The Business Activity Statement (BAS) is issued by the Australian Taxation Office. If
your organisation has chosen a monthly tax period, this form will arrive every month.
Conversely, if the organisation has chosen a quarterly tax period, the BAS will issue and
arrive every 3 months. You should receive the BAS a week or so before the end of the
relevant tax period.

The BAS includes the amount of GST charged by your organisation (and subsequently)
collected as well as the GST paid by your organisation on acquisitions. These two
amounts are offset to be called the ‘net amount’.


   MYOB Training Manual                                                                        Part 2:
   April 2006                                  2-86                   Processing Transactions in MYOB
The BAS also includes information on PAYG withheld from salaries and wages for the
relevant tax period and ABN Withholding tax where no ABN was quoted by the supplier.
In the case of private sector entities, the BAS also requires payment of PAYG
instalments. Essentially, this is payment of income tax for the current income year each
quarter.

A sample Business Activity Statement has been included later in this manual.


2.4.8.1     Setting up BAS Information

Whilst MYOB has a useful BASlink function, you must still lodge the ATO’s hard copy
BAS. It is not permissible to print off the MYOB BAS and send this to the ATO. Each
BAS issued by the ATO has its own unique bar code. However, MYOB can replicate the
BAS such that all you need to do is transcribe the figures from the MYOB BAS to the
ATO-issued BAS for lodgement.

Before preparing the BAS, the following steps need to be taken:

1. All bank accounts need to be reconciled.

2. Print the report called ‘GST [Detail – Cash]’, assuming that your organisation is on
   the Cash method of accounting for GST purposes. To do this, go to the Command
   Centre on MYOB, and click on the dropdown arrow beside the word ‘Reports’ at the
   bottom of the screen. Select ‘GST/Sales Tax’. (If your organisation is on the Accruals
   method of accounting for GST purposes, choose the ‘GST [Detail – Accruals]’
   printout instead.)

From the list that appears, select ‘GST [Detail – Cash]’. The following screen will appear:




   MYOB Training Manual                                                                      Part 2:
   April 2006                                 2-87                  Processing Transactions in MYOB
In this case, we want to select ‘All Tax Codes’; and ‘Both Collected and Paid’ in the
section to the lower right. The dates must be changed to collect all activity for the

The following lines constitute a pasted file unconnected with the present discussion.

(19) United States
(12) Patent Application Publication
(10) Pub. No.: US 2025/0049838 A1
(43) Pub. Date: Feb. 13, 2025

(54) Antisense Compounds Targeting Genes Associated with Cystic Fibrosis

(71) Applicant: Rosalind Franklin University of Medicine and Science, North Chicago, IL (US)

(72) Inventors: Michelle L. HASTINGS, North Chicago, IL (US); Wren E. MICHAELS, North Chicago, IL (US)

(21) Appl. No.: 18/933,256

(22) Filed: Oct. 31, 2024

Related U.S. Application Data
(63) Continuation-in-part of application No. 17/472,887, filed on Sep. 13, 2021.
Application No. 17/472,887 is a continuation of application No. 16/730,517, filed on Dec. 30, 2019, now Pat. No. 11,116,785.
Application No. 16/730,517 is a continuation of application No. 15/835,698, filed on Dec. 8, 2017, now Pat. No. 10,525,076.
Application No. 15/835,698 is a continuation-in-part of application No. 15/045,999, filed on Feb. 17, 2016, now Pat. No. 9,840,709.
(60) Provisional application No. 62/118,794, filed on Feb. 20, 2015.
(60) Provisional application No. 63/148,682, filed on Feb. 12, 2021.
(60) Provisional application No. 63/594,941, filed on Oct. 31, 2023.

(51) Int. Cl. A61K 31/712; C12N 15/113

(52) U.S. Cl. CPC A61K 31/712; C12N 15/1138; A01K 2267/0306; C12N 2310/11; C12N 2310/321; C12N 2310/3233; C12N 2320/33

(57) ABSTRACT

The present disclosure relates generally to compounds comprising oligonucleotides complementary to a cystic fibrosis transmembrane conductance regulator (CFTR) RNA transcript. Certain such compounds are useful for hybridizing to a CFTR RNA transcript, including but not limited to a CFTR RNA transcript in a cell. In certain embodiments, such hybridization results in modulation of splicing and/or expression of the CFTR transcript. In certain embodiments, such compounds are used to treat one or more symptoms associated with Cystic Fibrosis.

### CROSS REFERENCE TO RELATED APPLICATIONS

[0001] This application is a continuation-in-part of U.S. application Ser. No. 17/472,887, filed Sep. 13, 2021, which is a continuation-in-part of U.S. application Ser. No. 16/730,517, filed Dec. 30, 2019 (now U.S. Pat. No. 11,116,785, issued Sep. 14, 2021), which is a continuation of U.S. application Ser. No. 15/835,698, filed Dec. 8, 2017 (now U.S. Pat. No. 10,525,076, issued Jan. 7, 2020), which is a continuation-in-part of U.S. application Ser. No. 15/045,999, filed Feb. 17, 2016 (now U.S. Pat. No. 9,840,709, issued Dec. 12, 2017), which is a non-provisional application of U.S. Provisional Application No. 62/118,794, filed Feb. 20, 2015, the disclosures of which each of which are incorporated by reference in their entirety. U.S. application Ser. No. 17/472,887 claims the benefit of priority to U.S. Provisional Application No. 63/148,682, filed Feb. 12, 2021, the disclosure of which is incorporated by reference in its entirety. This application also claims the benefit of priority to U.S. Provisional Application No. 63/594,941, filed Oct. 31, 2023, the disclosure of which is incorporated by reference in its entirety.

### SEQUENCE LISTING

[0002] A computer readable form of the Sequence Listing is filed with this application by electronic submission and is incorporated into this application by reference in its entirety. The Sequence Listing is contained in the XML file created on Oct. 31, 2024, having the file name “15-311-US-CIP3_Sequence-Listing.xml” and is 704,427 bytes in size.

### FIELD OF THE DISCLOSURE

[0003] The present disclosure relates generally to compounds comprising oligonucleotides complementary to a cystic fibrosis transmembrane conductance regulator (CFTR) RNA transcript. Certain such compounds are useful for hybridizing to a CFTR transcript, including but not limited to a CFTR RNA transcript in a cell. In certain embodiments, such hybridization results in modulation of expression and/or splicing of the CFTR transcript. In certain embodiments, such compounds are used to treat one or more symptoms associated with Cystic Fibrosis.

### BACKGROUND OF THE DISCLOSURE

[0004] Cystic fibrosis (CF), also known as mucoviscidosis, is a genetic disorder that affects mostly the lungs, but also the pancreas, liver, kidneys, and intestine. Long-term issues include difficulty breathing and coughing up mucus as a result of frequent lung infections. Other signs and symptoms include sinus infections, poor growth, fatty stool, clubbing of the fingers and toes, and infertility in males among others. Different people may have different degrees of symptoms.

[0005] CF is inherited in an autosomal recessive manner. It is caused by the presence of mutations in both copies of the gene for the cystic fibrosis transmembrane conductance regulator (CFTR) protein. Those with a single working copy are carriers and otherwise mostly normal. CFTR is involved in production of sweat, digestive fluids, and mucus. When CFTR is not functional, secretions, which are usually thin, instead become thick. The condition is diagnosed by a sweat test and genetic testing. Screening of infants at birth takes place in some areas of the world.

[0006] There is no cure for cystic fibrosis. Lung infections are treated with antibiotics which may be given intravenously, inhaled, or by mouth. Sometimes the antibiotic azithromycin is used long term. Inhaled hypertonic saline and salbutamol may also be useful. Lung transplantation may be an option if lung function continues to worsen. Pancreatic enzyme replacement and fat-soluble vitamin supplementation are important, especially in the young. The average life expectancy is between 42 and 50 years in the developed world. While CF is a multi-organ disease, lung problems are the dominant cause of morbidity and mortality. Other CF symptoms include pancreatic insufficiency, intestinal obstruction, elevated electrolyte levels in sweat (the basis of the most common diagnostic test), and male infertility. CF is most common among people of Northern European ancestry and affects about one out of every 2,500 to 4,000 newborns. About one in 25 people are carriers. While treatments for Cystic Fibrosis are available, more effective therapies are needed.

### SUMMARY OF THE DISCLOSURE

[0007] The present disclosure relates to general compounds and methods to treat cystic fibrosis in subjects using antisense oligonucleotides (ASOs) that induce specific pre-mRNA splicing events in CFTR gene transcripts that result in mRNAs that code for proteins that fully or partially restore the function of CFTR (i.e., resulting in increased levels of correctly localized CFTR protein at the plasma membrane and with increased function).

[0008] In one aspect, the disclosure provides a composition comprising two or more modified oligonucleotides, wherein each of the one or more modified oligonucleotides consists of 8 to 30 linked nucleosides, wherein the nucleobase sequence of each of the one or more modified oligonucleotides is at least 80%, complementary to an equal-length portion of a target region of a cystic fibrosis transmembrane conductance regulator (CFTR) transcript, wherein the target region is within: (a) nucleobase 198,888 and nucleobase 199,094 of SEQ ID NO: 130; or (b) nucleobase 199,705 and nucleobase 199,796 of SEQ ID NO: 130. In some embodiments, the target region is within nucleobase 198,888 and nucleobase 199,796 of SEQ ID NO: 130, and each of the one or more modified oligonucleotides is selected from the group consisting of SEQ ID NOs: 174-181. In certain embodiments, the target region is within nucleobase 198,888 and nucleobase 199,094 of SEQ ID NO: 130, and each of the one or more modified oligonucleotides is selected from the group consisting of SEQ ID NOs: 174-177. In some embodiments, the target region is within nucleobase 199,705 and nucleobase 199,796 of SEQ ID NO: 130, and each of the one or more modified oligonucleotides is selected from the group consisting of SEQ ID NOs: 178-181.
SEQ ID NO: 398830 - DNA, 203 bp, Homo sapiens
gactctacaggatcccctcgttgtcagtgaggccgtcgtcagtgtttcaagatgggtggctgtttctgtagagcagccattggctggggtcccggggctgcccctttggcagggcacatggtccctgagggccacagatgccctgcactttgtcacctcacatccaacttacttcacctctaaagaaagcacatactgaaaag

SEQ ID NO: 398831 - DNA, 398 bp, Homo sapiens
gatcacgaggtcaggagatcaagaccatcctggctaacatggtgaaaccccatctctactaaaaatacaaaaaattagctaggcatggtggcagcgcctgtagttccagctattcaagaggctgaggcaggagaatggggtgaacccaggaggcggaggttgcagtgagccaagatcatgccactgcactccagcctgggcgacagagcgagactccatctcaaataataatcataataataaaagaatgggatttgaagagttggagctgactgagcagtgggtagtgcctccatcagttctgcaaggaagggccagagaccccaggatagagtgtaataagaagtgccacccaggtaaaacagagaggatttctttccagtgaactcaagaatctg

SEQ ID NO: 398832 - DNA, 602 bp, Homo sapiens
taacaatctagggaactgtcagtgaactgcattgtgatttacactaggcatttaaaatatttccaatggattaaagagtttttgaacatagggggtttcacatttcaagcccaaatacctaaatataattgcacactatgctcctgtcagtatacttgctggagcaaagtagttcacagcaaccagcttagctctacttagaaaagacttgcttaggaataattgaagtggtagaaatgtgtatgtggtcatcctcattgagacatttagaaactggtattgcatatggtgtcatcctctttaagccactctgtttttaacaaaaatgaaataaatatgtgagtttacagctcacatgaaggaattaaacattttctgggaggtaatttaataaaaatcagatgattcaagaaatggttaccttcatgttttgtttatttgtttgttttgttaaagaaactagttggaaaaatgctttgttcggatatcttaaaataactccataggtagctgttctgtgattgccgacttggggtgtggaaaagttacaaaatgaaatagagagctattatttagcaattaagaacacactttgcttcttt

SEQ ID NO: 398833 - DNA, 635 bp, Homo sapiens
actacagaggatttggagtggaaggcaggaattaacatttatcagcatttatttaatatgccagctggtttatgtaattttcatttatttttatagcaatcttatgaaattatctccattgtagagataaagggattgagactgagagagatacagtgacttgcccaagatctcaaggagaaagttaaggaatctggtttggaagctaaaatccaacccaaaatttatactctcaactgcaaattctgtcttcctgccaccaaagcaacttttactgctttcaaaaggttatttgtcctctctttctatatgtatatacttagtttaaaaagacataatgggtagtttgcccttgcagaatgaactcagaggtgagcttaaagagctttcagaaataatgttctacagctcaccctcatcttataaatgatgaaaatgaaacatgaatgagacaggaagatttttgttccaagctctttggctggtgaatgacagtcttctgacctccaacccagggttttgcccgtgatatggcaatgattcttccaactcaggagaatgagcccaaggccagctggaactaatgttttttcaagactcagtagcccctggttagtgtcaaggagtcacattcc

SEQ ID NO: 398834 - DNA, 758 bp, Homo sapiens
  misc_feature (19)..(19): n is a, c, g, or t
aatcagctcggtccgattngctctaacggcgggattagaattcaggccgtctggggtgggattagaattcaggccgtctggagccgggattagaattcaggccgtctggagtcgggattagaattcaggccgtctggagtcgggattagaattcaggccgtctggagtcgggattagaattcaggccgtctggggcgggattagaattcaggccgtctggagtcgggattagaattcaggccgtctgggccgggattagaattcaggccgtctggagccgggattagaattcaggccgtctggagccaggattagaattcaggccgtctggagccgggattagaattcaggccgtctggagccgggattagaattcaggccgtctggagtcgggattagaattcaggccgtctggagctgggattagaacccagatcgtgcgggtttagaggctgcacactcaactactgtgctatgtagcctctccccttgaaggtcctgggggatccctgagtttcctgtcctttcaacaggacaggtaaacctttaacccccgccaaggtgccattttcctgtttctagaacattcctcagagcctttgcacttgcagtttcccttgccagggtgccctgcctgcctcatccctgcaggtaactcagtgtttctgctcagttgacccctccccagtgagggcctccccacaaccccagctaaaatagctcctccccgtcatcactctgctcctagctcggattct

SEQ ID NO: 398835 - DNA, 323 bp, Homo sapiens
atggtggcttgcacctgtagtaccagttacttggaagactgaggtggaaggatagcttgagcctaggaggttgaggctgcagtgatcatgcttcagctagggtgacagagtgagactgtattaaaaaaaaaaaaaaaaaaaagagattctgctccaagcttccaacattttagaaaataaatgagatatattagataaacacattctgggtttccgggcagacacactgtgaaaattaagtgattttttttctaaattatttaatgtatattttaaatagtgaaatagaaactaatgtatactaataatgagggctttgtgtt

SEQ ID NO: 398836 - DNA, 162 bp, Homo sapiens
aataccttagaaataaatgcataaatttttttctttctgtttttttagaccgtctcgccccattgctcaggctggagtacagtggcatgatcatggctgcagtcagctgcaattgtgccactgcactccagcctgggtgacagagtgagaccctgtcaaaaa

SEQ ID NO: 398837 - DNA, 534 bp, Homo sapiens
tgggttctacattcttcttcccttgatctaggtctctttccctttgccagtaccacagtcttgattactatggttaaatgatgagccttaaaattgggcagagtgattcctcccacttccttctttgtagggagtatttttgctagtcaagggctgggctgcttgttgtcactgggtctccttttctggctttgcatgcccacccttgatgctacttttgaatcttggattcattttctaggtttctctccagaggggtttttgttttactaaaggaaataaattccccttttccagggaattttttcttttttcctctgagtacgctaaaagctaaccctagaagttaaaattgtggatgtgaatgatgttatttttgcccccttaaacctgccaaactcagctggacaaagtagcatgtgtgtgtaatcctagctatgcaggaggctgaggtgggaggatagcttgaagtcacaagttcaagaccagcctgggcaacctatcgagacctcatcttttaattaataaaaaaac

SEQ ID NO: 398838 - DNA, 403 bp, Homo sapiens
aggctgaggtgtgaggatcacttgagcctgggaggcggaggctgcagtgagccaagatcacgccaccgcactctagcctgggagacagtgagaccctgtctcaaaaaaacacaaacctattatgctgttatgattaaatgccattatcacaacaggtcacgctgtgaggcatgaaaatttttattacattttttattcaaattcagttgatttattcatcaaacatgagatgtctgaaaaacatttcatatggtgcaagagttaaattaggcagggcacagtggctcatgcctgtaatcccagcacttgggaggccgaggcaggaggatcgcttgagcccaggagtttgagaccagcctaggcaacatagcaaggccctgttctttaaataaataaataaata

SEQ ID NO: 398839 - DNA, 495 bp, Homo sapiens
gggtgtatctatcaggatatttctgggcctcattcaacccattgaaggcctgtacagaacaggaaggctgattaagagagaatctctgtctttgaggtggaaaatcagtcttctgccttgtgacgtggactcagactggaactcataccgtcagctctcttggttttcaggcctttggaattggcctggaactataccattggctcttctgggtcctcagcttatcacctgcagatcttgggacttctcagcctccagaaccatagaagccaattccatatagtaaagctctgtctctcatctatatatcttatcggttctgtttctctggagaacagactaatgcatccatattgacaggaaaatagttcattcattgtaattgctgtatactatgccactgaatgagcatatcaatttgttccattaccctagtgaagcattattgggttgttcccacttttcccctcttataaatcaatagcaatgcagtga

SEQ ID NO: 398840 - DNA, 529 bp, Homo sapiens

quarter in question – three months. This window has defaulted to the ‘Advanced Filters’
tab – clicking of ‘Report Fields’ will allow you to select the fields you wish to be reported
on your report, and ‘Finishing’ will enable you to control the final look of the report.

Click on Display, and if satisfied with what appears, ‘Print’. Check every entry to make
sure that the correct Tax Codes have been used. When satisfied, move on to setting up
BAS Information.




   MYOB Training Manual                                                                       Part 2:
   April 2006                                 2-88                   Processing Transactions in MYOB
2.4.8.2     Preparing the BAS Worksheet

Select the ‘Accounts’ icon on the Command Centre. Select ‘BASlink’. In the BASlink
Window, select ‘BAS Info’. The following screen will appear:




Explanation of the Above Options:

(a) Calculation Method:




‘Calculation worksheet’ requires all GST fields to be completed and calculates the tax
paid and collected by dividing fields G8 and G19 by 11.

‘Accounts’ means the tax paid and collected derived from MYOB.

It is recommended that you use the ‘Calculation worksheet’, and check the resulting
figures against the final figures on your ‘GST [Detail – Cash]’ printout. This gives you an
extra way to check that figures have been input correctly.




   MYOB Training Manual                                                                     Part 2:
   April 2006                                2-89                  Processing Transactions in MYOB
(b) Reporting Options:




‘GST Reporting Frequency’ means either Quarterly or Monthly.

‘GST Accounting basis’ means Cash or Accrual.

Check your previous BAS to see whether your organisation has chosen monthly or
quarterly tax periods and whether it is on the cash or accruals method.

‘GST Option’ – These are three options provided by the ATO on the BAS. The three
options are:

           Option 1 - Calculate GST and report Quarterly
           Option 2 - Calculate GST and report Annually
           Option 3 - Pay GST Instalment Amount

Once again, check your previous BAS to see which option your organisation has chosen.


(c)            PAYG Instalments




As explained above, most private sector entities are required to pay income tax
progressively throughout the income year. For these entities, the ATO gives a choice